All my buddies were working today and I was off. I didn't have any other plans, so I decided to make a solo scout down at the Atchafalaya Delta WMA.

I got an early start, and it was few degrees cooler than normal as I walked into the woods. First impression was all the mosquitoes that I didn't see or feel on the first trip wanted to make me pay today.

Yes, it was classic Delta skeeter time. They were very bad inside the myrtle cover, but less so out in the open. The deer flies were actually worse; they were relentless, and my head net was the only thing that saved me.

Hog sign at the first location was rampant. There were hog trails, wallows, rubbings and beds everywhere. After I moved in deeper, however, the deer trails mixed in with the hog sign.

Again on this trip, navigating through the myrtles and fields was not difficult. Now on your first trip, you might think I am crazy for saying that, but for me the difficulty is relevant to my past experiences.

Some years it has been almost impossible, because you had to hack your way in, through every inch, with brush 10 to 15 feet high. So this year it is not bad at all.

There was plenty of browse at this location, as well.

I did notice that walking in from where I anchored my boat, the mud was much softer and you sank deeper than normal. Usually the bottom on the river is very firm and hard, with little sinkage when you walk on it.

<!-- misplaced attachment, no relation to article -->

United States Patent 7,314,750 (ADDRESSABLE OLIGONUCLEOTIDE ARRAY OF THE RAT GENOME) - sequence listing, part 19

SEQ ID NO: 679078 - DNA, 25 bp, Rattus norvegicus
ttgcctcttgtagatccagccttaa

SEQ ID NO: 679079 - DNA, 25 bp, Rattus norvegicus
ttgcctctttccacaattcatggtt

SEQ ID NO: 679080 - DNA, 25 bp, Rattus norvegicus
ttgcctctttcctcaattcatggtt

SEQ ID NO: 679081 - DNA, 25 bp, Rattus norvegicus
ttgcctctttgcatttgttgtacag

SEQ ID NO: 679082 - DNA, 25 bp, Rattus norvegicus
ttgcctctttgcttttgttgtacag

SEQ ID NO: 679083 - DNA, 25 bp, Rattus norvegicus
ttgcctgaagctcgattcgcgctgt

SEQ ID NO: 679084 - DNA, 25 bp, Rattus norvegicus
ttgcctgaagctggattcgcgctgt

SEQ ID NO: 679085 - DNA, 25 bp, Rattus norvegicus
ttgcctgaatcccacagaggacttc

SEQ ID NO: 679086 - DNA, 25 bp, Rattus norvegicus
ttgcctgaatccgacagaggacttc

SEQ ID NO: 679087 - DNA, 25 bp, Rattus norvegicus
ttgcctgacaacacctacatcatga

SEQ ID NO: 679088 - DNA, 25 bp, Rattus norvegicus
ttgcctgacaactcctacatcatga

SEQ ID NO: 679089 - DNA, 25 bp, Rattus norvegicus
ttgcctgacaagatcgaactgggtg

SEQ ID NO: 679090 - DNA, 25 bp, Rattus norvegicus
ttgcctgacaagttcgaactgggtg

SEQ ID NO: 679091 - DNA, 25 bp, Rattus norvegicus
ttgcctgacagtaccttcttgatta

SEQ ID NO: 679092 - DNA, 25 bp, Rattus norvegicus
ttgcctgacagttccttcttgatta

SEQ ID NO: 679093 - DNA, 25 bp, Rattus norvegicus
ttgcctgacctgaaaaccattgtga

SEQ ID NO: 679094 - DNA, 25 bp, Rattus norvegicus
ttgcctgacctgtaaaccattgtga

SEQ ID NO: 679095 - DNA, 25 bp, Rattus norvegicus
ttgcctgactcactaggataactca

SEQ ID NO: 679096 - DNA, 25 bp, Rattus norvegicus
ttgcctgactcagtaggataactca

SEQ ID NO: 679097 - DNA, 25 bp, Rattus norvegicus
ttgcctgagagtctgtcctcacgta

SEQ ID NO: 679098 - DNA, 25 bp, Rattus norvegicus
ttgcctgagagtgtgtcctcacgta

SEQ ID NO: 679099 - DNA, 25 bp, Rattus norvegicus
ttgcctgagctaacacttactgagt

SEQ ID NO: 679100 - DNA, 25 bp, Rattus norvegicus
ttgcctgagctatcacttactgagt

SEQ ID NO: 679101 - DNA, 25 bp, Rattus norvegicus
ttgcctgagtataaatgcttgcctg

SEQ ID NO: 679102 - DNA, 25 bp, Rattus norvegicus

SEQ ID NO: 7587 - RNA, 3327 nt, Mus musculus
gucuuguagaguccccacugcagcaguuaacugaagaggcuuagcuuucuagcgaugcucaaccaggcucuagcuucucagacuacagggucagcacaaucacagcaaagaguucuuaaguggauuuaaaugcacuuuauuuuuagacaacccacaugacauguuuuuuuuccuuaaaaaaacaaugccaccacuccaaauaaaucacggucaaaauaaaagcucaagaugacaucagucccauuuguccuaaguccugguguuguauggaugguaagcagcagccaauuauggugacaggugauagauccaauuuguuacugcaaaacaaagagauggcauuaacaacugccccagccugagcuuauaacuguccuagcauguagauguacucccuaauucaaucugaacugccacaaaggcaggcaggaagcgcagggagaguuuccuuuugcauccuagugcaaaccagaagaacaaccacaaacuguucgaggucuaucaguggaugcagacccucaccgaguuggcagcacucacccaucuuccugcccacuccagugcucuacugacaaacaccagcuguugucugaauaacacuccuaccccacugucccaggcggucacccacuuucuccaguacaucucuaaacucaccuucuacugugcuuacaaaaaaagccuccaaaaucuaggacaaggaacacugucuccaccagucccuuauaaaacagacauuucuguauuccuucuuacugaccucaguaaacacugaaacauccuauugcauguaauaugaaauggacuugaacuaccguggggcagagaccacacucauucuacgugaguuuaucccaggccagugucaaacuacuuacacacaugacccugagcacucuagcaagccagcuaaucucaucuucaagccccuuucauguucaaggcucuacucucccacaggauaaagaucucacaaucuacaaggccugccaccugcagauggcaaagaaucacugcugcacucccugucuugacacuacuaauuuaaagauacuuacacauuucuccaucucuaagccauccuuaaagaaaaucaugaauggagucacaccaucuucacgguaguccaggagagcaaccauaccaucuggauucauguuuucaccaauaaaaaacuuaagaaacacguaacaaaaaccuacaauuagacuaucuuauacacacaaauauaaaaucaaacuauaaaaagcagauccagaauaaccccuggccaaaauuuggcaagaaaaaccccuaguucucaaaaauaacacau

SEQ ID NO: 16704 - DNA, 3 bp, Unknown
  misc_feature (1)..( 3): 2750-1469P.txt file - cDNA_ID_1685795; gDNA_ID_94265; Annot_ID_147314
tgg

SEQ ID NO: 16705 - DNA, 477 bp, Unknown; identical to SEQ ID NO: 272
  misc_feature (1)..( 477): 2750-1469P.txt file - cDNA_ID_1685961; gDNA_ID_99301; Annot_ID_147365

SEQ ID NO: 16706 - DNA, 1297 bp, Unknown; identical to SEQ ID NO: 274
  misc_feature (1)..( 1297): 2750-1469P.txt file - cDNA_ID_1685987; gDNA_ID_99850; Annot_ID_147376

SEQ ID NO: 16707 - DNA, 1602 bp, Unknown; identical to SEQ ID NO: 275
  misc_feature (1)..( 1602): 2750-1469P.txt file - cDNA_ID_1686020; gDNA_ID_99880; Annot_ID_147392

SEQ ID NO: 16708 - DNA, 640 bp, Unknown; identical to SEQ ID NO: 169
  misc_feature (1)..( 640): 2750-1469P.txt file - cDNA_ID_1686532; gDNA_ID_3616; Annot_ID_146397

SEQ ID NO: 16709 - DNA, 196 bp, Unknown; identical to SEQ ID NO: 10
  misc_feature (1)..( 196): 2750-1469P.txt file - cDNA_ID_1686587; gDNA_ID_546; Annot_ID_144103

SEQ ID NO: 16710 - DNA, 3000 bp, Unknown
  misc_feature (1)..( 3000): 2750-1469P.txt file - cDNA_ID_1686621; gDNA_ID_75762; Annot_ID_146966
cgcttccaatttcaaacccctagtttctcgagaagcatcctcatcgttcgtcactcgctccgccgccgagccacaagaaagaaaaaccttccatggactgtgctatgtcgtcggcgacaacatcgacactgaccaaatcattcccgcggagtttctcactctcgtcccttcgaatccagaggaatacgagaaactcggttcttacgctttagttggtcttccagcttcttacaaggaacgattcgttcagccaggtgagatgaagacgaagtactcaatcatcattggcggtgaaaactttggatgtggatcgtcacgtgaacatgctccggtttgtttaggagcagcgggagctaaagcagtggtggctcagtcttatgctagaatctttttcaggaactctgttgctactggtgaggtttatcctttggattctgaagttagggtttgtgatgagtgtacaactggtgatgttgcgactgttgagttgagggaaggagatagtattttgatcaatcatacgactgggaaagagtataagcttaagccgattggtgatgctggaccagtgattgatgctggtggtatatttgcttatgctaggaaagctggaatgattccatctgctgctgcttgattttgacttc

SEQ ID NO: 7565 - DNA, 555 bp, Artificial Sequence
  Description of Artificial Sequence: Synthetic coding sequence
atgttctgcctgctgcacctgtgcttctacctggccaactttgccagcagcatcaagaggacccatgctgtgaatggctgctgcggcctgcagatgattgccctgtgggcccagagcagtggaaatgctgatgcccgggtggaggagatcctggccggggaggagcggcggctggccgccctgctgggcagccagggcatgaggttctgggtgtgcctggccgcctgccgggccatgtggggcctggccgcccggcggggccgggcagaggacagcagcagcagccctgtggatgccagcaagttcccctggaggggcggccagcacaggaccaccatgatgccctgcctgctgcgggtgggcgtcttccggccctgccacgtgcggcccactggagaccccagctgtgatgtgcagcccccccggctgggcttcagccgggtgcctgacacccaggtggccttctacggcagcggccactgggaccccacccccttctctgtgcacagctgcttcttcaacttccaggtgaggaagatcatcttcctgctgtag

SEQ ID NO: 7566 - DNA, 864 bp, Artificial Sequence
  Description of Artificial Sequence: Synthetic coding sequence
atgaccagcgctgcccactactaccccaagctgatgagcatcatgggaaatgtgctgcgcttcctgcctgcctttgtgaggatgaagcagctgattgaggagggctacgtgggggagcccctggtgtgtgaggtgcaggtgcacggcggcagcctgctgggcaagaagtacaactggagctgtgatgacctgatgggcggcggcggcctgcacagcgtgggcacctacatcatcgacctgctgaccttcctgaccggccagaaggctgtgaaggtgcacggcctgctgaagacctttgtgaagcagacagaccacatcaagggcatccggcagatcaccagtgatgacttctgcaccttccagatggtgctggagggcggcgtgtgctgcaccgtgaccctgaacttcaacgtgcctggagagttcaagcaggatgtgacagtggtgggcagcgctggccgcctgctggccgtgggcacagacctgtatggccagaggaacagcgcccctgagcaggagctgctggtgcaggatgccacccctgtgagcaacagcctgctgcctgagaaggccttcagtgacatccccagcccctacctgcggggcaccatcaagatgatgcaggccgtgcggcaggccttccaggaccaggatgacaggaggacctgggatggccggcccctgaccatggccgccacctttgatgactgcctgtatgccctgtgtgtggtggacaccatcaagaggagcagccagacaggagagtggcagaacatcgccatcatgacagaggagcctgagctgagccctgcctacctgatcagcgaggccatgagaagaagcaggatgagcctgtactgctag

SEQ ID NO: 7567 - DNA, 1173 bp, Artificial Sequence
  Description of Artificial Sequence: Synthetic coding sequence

But after hurricanes, the tidal surge leaves a layer of sediment that is soft and lays on top of the river bottom.

Apparently, the spring flood did the same thing. The sludge makes for more difficulty walking in and out, but even more inconvenient is the fact, that if you sink far enough and the tide is high enough, you have to go in and out with hip boots on.

Today the tide was low, so I was able to get a pretty good look at the sandbar situation. I haven't seen any new sandbars; it's the old ones are just higher and wider now.

If you go down there at high tide, I would advise you not cut the "corners" too closely, like you may have in the past. Many of the sandbars stick out much farther into the channels than before.

My second scouting location was the Big Island. Getting in was fairly easy; again, I stayed in the middle of all the channels to be safe.

The channel coming in from the river to the game warden's camp seems to be very narrow and will be difficult when the fog starts to set in this fall.

I have some reflector tape that I am going to put on the poles that don't have any to help out the navigation.

The area I scouted on the Big Island did contain hog sign. Last season was the first time I, personally, found hog sign on the Big Island.

Deer sign was consistent with what I found last season. Same trails in the same places. Plenty of browse, mosquitoes and deer flies, but not quite as bad.

I finished up around 10:45 a.m., and was very satisfied with the amount of area I covered and the sign I found.

Looking forward to scouting trip No. 3 next week!

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